42,000 walkers traveled nearly twenty miles to raise money and awareness for the fight against hunger on May 1, 2011.
The Project Bread Walk for Hunger is the oldest and largest continual fund¬raising walk in the country. This 20 mile pledge walk raises money and awareness to help food panties, meals pro¬grams, food banks, and food salvage programs across the state supply food to the hungry.
The Walk for Hunger was started in Quincy in 1969 by a group of activists led by Patrick Hughes, a priest at the Paulist Center, a Boston-based Roman Catholic community organization. Hughes moved the Walk for Hunger to Boston in 1970 and concerned participants raised $25,000 in a shortened 25-mile walk. Four years later in 1974 the route is shortened to what it is today-20 miles under the direction of local activist Larry Kessler.
“In 1974 Larry Kessler assumed the responsibility as coordinator for the Walk,” said Stacy Wilbur, Director of Public Relations, Project Bread.
Over the next four decades Project Bead has marketed the Walk as it’s premier fund-raising event to help combat hunger. According to their website, projectbread.or, they facilitate a series of five major direct service programs, such as the Food Source Hotline. The hotline is the most comprehensive state¬wide hunger hotline and answers about 50,000 calls a year in partnership with the state Department of Transitional Services (DTA). Project Bread also works with 25 community health centers in Massachusetts to, among other things, provide emergency food vouchers and screen for food insecurity.
The Chefs in the Schools Program, which was originally started in Boston and expanded last year into Salem and Lawrence public schools, represents an innovative way to help children find healthy meals in the school cafeteria that limit processed-can foods and encourage the selection of fresh fruits and vegetables. This food service program was started Chef Kirk Conrad, a graduate of the Culinary Institute of America offers appealing and cost effective nutritious breakfasts and lunches following the recommendations of the USDA Food Pyramid calling for children-adults to eat a combined total of five to nine servings of fruits and vegetables each day. They also provide food service personnel with training manuals.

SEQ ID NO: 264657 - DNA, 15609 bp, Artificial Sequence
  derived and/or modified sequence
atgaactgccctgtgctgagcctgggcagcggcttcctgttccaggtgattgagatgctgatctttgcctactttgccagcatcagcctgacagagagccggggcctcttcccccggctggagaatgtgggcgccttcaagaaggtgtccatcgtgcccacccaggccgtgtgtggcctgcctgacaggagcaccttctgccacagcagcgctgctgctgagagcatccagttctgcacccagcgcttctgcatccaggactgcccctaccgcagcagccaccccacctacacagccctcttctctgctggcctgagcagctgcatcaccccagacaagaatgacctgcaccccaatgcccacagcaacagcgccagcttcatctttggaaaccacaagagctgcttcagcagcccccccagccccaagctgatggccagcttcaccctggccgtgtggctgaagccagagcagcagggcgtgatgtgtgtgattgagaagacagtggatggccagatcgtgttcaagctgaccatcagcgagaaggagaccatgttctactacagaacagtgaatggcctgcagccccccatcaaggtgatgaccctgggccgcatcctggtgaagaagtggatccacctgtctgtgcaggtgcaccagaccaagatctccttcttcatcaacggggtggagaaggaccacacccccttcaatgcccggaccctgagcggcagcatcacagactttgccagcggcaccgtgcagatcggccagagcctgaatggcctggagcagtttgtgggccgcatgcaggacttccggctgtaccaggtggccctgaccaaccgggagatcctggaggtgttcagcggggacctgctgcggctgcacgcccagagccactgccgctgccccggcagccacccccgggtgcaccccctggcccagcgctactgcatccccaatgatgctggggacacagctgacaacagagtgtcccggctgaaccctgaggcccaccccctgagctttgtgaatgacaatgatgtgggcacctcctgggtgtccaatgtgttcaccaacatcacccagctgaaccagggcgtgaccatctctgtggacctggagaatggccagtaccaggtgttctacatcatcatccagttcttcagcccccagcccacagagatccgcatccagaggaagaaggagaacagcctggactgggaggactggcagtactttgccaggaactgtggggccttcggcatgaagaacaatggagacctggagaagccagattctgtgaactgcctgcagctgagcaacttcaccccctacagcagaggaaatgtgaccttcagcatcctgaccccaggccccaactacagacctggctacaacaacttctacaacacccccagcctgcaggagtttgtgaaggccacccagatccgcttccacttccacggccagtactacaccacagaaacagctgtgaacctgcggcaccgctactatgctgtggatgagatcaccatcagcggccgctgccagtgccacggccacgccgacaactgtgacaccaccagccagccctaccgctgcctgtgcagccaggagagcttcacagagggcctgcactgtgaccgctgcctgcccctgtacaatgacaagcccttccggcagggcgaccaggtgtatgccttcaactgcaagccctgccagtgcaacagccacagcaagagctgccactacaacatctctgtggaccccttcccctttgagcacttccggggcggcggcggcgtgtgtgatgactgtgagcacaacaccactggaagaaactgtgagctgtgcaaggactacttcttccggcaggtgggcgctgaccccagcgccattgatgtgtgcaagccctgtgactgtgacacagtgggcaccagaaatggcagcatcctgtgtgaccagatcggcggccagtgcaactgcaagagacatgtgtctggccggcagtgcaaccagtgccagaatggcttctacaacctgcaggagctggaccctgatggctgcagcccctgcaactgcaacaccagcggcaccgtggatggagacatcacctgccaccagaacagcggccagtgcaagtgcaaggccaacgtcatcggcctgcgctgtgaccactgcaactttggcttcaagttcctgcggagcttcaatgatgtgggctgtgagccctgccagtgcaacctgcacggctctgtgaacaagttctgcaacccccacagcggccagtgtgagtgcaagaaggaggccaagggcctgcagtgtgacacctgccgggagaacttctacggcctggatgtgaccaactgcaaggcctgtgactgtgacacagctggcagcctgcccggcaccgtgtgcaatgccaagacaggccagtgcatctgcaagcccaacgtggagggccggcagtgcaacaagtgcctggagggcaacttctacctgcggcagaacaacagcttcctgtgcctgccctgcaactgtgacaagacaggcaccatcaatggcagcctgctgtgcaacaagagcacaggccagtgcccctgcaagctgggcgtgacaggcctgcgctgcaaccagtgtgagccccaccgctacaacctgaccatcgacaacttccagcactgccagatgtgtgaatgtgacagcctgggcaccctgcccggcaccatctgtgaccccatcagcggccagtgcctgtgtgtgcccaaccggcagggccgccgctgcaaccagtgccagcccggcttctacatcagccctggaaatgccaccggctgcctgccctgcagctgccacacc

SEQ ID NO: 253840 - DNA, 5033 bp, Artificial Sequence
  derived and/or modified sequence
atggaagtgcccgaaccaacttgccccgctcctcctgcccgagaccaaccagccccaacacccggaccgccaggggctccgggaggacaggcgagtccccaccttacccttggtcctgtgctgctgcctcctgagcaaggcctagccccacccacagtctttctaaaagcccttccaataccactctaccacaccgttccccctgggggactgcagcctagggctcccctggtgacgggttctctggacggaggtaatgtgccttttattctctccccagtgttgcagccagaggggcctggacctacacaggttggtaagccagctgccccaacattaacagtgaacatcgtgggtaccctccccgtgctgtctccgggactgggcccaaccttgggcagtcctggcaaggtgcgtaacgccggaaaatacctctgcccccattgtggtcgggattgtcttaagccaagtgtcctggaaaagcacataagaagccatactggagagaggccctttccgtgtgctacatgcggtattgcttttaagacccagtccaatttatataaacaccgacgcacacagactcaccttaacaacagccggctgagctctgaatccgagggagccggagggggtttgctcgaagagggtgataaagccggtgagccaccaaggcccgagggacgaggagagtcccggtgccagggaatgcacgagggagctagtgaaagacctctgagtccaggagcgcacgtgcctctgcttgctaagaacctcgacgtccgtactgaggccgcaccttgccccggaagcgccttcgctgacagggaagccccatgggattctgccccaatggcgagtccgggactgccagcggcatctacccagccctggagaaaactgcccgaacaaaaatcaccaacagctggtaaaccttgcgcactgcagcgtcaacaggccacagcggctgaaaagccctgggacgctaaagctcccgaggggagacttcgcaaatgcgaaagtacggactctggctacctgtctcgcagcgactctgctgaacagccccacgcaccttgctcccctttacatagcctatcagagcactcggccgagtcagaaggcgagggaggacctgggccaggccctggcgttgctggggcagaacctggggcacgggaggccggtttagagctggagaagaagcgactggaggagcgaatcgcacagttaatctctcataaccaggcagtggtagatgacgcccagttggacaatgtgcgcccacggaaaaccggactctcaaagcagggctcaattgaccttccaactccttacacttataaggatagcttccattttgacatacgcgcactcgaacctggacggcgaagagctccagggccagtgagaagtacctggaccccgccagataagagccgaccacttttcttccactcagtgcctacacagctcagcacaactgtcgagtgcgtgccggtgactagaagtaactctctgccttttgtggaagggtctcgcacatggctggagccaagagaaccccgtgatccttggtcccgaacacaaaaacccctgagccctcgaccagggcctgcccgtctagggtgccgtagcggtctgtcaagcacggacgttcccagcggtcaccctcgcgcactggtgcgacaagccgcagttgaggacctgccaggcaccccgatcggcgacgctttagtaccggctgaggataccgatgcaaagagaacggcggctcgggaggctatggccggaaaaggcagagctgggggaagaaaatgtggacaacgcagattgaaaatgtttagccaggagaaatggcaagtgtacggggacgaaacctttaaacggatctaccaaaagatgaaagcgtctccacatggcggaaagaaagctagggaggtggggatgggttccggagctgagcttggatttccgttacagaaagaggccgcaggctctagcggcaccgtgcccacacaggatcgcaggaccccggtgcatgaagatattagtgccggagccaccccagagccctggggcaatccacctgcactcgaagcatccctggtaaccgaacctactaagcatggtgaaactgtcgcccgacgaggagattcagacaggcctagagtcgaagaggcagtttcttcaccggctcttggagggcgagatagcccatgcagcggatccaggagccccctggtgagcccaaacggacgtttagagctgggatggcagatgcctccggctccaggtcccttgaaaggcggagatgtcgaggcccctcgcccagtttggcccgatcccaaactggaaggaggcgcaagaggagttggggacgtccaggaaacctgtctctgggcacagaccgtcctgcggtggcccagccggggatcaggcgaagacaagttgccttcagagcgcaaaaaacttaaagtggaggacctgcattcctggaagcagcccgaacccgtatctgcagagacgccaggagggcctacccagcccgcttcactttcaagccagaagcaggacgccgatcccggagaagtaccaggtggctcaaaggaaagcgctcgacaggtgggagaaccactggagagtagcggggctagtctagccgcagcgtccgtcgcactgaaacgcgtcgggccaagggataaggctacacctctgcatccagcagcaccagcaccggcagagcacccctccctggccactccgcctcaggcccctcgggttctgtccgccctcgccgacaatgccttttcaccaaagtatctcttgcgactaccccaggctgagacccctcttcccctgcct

Project Bread also collaborates the DTA go help the elderly and other low-income individuals enroll in the SNAP Program. In addition, Project Bread teams up with the state Department of Elementary and Secondary Education to reach out to low-income communities and encourage them to participate in school and summer meals programs.
In addition, Project Bread spon¬sors research in conjunction with the Harvard School of Public Health and other research institutions like the University of Massachusetts at Boston, McCormick Graduate School of Policy Studies, and the Center for Survey Research. In 1991, Project Bread teamed up with the Massachusetts Department of Public Health, the Massachusetts Anti-Hunger Coalition and the University of Massachusetts Boston to conduct the Childhood Community Hunger Identification Project (CCHIP) which was a groundbreaking scientific study of hunger affecting low-income families. The Massachusetts (CCHIP) served as a model for nine other states and the Washington DC to complete between 1992 and 1994. In 2003 PB introduced the annual Status Report on Hunger in Massachusetts as the state’s first report cards on hunger.
“With the economy still struggling Massachusetts families are seeing there month incomes stretched beyond capacity,” said Brooke MacKinnon, Communications Associate, Public Relations for Project Bread-The Walk for Hunger. “Hunger is affecting more than 660,000 people in the state.”
MacKinnon went on to point out that the states most vulnerable citizens cover a wide group of people including the elderly, children, the disabled and the unemployed.
“Hunger also affects the working poor, “ said MacKinnon. “ They have to use more and more of their income for rent, heating oil, medical and childcare.
“In 2011 MacKinnon highlighted the Walk raised 3.6 million dollars. Over 42,000 walkers, 2,000 volunteers, 57,000 donors and 30 corporate sponsors helped to raise the money.
“The Walk money goes to help fund over 446 emergency food program in 135 communities, across the state” said MacKinnon.
MacKinnon continued that the pro¬grams that get Project Bread fund include four categories; food panties, food banks, soup kitchens and food salvage programs. These programs fill out a grant request form that is submitted back to Project Bread by the middle of February. Project bread notifies all applicants by September of the same year.“These funds are awarded each September,” said MacKinnon.” They are notified and are invited to attend a grant award ceremony.”
Project Bread reported that the 446 emergency food programs awarded funds last year served a total of 58 mil¬lion meals.
For more information on the work of Project Bread and Walk for Hungeraccess www.projectbread.org
Robert Sondak is a Spare Change vender and writer. Robert graduated with a Bachelor’s Degree from the University of Massachusetts, Boston College of Public and Community Service (CPCS). Robert also minored in Urban Planning and Advocacy. Currently Robert is the Executive Director of the Nutrition Education Outreach Project, www.neo-pneop.blogstream.com